This past spring Mark Jenkins was part of the National Geographic/North Face climbing team on Everest. That group of climbers originally had their sights on the West Ridge but thanks to some unusual weather, which included drier and colder than normal conditions, the team abandoned that approach and went up the standard South Col route instead. Jenkins, along with his his teammates, reached the summit, and he is currently putting together a story about the climb for National Geographic magazine. That story isn’t due until 2013, but Nat Geo Adventure managed to catch up with Jenkins recently and posted an interview on their blog.
In the article Jenkins talks about how crowded Everest has become since guided expeditions started to become popular in the 1990’s. He also discusses ways that the climb could be safer and advocates requiring those attempting the world’s highest peak first earn some experience and skills on another Himalayan mountain. Mark also shares his thoughts on keeping Everest cleaner, pondering why “Leave No Trace” isn’t the de facto standard for climbers.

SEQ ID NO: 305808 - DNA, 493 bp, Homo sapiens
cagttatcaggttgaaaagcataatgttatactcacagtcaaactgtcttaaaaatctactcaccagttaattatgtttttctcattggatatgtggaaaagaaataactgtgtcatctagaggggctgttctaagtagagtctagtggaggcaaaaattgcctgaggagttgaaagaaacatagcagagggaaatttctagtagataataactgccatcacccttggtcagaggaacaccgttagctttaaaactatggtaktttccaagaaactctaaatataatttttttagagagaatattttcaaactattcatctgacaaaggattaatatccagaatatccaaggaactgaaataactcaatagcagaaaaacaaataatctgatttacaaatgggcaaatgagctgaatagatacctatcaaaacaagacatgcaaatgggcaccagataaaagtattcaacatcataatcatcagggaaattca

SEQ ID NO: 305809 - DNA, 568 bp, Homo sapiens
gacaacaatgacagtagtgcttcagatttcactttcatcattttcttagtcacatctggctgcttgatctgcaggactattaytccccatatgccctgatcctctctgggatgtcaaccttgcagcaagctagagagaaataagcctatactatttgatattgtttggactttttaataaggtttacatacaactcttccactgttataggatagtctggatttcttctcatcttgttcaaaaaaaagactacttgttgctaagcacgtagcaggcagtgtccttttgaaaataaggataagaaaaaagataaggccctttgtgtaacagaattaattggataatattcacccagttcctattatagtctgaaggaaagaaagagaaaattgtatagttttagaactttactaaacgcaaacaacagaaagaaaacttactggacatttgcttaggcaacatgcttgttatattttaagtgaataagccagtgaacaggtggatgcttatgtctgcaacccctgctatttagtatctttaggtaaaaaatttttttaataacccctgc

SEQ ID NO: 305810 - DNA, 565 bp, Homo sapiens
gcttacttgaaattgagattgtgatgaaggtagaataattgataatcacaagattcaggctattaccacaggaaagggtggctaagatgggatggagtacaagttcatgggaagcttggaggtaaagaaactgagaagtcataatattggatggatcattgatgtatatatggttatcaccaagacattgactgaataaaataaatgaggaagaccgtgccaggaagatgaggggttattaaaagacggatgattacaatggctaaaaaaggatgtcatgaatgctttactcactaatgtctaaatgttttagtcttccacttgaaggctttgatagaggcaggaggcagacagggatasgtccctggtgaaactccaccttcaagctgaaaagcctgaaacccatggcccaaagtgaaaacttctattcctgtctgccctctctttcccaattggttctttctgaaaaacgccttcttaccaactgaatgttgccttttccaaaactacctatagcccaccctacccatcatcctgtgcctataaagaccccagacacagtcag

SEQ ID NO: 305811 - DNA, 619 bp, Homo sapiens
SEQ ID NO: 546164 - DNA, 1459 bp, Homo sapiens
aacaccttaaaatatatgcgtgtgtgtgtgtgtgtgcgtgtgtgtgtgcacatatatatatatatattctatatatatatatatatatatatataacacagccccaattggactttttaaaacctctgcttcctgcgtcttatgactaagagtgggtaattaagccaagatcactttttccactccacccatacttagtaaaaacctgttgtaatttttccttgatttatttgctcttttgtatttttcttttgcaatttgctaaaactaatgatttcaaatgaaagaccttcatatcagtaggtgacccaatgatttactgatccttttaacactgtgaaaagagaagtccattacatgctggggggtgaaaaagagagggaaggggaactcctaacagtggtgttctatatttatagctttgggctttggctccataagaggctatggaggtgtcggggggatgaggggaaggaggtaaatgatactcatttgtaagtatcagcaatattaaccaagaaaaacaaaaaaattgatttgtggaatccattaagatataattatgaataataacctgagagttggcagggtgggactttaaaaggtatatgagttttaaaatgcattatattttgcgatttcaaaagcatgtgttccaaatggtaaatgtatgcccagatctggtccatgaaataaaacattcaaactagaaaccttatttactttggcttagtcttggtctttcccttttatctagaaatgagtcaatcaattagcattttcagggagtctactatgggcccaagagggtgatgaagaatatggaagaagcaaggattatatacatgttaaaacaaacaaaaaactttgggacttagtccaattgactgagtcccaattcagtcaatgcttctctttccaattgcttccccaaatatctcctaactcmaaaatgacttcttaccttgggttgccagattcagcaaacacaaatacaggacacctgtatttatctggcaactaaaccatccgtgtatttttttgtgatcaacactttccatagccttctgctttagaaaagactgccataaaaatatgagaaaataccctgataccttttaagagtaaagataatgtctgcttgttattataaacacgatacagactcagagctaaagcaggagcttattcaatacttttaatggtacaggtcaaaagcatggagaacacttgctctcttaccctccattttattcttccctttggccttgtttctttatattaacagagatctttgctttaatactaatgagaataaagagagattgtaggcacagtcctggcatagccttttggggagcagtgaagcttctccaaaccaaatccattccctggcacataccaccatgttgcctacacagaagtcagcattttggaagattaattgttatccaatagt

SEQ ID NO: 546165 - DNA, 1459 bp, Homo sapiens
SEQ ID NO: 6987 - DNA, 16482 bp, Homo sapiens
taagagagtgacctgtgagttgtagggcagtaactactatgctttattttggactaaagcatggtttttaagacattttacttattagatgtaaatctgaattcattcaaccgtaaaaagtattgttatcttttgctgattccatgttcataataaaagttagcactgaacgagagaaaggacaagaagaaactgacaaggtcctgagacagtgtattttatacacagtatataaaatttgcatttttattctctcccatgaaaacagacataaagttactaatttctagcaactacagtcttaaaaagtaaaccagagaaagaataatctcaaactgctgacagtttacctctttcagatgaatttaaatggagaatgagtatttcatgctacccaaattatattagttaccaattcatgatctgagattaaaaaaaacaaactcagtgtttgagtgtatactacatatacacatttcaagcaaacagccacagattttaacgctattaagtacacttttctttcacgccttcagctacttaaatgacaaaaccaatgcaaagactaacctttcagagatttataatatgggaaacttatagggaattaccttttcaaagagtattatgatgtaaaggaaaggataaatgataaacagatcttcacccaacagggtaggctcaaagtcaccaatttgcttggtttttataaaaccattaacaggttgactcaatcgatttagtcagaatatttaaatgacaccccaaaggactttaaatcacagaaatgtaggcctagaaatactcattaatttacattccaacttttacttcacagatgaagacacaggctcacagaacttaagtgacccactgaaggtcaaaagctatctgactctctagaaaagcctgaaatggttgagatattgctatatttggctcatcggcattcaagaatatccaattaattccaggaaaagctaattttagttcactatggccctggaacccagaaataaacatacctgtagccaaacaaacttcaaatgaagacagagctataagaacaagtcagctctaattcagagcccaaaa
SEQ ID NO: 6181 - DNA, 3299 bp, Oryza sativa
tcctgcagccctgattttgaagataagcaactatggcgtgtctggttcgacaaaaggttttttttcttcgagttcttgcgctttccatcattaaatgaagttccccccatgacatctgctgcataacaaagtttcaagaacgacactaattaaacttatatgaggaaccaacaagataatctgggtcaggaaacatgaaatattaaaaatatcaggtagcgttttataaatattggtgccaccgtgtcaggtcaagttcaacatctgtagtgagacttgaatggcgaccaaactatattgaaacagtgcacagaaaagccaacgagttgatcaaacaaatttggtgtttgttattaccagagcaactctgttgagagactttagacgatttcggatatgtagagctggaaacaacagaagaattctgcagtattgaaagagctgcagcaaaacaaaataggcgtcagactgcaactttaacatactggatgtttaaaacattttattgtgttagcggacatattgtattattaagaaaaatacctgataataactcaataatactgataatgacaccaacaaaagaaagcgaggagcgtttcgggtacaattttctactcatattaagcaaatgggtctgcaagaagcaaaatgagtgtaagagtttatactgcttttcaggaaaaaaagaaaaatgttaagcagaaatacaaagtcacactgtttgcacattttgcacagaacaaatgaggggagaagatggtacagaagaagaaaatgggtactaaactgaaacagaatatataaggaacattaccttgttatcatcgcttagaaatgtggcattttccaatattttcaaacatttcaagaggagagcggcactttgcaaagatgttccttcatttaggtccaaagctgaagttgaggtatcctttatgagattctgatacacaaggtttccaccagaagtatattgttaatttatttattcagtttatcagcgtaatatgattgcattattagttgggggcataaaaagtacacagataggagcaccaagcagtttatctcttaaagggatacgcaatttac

Mark touches on the mainstream view of Everest and how the non-climber sees it as the “ultimate trophy” in the climbing world. He says that there will always be people who want to test their skills on the mountain and therefore it could always be crowded, but in the mountaineering community it is looked on a bit more skeptically. Everest is seen as a “very surreal experience” according to Jenkins.
It’s a good interview with a man who isn’t afraid to share his thoughts on the annual spring circus that is Mt. Everest. I had the chance to hear Mark speak as part of a panel at Outdoor Retailer a few weeks back and made some very interesting points. He pointed out that there are in the neighborhood of about 15 routes to the summit of Everest and yet each year everyone crowds into the two main routes instead. Mark rightfully pointed out that there is still plenty to do on the mountain, but most climbers don’t really want to risk exploring one of the lesser known routes when they can join the stampede to the top along the usual paths.
If you’re an Everest fan, you’ll definitely want to read what he has to say in this story. Can’t wait to read his full article in NG mag next year.
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